|Axiom of history: events are knowable and life has order and direction.|
Axiom of science: events are describable and life has order and direction.
Oh look, interpreting both through the lens of mathematics!
But the 30%-70% fictional-informational text divide seems wrong to me. When I was a student, I remember saying to my English teacher that I wanted to start reading more non-fiction, since that wasn't something I was accustomed to doing. If I had been forced to read such texts, however, I'm certain I would have rebelled against it, much as I rebelled against reading Classics until recently (side note: The Brothers Karamazov is an amazingly good book, and it talks briefly about non-Euclidean geometry!).
I already lament the fact that "mathematics as taught in high school" is often not authentic math. I wonder if the near future will see English teachers lamenting the same for their subject.
Readings prompting this:
Common Core Nonfiction Reading Standards Mark The End Of Literature, English Teachers Say
The Role of Fiction in the High School English Language Arts Classroom
Goodbye, Liberal Arts?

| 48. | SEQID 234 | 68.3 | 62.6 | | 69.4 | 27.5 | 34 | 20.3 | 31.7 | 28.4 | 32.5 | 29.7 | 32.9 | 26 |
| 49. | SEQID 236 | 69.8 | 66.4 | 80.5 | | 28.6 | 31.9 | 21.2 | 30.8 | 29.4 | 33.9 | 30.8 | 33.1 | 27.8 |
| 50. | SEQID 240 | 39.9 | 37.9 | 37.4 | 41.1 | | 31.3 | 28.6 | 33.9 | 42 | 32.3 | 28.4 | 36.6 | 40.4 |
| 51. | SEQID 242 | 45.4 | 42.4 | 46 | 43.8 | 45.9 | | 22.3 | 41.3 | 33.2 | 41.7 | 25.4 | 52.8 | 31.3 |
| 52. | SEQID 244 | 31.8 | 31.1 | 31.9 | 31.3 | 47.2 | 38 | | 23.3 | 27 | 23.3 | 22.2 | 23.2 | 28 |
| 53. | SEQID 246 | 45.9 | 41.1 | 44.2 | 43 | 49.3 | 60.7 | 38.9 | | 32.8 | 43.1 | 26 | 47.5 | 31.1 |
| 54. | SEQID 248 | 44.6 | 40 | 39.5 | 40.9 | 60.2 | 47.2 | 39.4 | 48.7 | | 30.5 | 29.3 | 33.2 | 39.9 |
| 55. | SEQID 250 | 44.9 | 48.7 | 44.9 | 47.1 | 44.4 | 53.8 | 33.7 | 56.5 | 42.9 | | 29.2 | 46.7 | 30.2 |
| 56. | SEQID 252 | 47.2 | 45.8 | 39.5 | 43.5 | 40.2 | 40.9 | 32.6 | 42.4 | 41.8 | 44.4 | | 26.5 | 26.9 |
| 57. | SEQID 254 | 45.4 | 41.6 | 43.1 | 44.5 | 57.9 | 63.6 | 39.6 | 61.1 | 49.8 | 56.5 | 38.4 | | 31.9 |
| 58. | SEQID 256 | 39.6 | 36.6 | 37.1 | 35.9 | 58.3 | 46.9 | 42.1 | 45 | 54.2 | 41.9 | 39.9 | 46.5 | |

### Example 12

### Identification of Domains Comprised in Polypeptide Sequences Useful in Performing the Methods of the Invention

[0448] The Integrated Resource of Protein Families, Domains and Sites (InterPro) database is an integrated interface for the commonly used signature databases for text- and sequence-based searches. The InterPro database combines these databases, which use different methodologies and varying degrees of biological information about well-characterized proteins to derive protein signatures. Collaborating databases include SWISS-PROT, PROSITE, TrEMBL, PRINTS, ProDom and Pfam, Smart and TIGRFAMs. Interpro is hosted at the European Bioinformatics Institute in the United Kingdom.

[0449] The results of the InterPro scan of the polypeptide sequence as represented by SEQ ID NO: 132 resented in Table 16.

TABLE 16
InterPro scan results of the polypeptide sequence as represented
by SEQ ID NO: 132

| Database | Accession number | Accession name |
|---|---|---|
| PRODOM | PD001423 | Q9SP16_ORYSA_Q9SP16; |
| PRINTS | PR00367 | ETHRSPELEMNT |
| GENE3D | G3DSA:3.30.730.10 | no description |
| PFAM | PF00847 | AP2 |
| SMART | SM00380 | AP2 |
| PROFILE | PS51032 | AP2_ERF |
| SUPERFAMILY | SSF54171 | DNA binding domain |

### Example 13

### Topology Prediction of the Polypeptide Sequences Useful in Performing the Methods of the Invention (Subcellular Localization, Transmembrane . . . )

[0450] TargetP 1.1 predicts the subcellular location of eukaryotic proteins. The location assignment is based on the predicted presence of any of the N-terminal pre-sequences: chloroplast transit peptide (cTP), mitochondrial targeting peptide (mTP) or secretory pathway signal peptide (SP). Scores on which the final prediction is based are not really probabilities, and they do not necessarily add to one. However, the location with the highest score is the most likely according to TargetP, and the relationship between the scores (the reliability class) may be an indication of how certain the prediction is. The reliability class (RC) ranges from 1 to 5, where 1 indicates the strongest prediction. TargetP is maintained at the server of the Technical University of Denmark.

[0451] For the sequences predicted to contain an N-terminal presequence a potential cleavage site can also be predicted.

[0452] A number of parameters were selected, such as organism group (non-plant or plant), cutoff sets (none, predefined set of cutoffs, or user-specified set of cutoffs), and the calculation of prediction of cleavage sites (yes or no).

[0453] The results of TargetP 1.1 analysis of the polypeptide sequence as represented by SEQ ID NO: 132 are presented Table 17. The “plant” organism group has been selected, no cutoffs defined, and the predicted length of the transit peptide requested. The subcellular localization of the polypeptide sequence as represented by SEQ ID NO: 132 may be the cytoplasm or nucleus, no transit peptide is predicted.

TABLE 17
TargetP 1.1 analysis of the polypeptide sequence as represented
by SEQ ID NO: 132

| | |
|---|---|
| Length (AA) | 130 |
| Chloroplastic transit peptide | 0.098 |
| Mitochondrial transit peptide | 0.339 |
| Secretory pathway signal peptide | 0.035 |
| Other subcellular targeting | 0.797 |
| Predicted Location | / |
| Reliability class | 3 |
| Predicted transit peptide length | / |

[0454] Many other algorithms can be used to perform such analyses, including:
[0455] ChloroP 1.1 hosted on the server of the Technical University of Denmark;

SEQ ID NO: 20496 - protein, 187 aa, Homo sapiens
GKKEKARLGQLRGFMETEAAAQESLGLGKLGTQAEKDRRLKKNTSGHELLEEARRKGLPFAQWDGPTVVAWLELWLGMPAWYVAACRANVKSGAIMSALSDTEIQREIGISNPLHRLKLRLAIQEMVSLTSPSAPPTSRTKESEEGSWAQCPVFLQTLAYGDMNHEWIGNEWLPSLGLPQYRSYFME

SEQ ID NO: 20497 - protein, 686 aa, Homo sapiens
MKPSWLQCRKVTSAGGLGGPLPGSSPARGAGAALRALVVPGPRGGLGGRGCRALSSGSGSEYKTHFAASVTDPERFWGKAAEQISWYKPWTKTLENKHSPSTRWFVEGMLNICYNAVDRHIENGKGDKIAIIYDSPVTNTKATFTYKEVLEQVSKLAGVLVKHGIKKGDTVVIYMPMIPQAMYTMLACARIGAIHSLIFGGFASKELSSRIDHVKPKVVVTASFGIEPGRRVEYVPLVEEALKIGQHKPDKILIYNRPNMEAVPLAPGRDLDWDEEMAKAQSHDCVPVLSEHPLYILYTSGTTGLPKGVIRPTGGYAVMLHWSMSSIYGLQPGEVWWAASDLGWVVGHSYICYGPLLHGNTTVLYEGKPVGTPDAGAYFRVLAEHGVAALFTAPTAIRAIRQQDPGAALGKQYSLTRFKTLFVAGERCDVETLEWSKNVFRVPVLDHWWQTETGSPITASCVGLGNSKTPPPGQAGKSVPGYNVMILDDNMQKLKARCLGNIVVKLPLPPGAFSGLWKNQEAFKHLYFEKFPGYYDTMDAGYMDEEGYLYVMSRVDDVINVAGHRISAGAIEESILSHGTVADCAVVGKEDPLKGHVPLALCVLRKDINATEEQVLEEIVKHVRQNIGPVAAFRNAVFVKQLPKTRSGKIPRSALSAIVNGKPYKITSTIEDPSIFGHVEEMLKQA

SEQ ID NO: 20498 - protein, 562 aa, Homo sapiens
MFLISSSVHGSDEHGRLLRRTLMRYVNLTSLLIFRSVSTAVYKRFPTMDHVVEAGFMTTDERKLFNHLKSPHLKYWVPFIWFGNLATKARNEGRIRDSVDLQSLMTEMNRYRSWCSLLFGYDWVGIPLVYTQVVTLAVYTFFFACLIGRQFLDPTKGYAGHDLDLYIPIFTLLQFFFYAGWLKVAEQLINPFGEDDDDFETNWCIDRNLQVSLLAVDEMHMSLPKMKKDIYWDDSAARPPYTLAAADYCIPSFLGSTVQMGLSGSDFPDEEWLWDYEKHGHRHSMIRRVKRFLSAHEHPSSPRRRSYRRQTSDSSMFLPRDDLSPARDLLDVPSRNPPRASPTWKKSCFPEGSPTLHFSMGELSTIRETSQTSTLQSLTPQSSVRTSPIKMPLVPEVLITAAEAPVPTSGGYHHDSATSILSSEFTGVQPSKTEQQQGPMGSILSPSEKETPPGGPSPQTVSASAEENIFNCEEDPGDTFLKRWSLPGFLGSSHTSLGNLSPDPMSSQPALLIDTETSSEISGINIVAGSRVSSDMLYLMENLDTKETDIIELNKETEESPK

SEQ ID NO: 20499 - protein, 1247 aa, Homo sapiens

The Common Core’s 70 percent nonfiction standards and the end of reading?
I tell you that I accept God simply. But you must note this: if God exists and if He really did create the world, then, as we all know, He created it according to the geometry of Euclid and the human mind with the conception of only three dimensions in space. Yet there have been and still are geometricians and philosophers... [who] dare to dream that two parallel lines, which according to Euclid can never meet on earth, may meet somewhere in infinity. I have come to the conclusion that, since I can't understand even that, I can't expect to understand about God. I acknowledge humbly that I have no faculty for settling such questions, I have a Euclidian earthly mind, and how could I solve problems that are not of this world?
The Brothers Karamazov (Fyodor Dostoevsky)